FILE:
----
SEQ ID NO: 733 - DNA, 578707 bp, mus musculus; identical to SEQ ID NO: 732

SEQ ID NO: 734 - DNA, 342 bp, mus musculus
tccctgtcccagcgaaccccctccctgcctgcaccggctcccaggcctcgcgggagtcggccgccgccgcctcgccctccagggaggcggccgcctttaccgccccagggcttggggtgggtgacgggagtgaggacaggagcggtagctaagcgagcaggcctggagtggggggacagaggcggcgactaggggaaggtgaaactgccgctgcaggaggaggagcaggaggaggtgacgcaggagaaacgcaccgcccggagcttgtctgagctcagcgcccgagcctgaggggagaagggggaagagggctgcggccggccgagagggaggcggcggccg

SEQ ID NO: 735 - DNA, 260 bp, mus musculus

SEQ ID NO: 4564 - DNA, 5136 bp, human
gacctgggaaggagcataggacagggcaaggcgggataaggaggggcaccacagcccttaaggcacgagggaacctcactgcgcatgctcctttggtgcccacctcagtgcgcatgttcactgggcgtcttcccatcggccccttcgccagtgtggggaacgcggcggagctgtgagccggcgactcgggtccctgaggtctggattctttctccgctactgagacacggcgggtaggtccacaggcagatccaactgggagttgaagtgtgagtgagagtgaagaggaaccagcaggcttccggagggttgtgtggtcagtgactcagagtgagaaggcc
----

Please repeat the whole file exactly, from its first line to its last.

SEQ ID NO: 733 - DNA, 578707 bp, mus musculus; identical to SEQ ID NO: 732

SEQ ID NO: 734 - DNA, 342 bp, mus musculus
tccctgtcccagcgaaccccctccctgcctgcaccggctcccaggcctcgcgggagtcggccgccgccgcctcgccctccagggaggcggccgcctttaccgccccagggcttggggtgggtgacgggagtgaggacaggagcggtagctaagcgagcaggcctggagtggggggacagaggcggcgactaggggaaggtgaaactgccgctgcaggaggaggagcaggaggaggtgacgcaggagaaacgcaccgcccggagcttgtctgagctcagcgcccgagcctgaggggagaagggggaagagggctgcggccggccgagagggaggcggcggccg

SEQ ID NO: 735 - DNA, 260 bp, mus musculus

SEQ ID NO: 4564 - DNA, 5136 bp, human
gacctgggaaggagcataggacagggcaaggcgggataaggaggggcaccacagcccttaaggcacgagggaacctcactgcgcatgctcctttggtgcccacctcagtgcgcatgttcactgggcgtcttcccatcggccccttcgccagtgtggggaacgcggcggagctgtgagccggcgactcgggtccctgaggtctggattctttctccgctactgagacacggcgggtaggtccacaggcagatccaactgggagttgaagtgtgagtgagagtgaagaggaaccagcaggcttccggagggttgtgtggtcagtgactcagagtgagaaggcc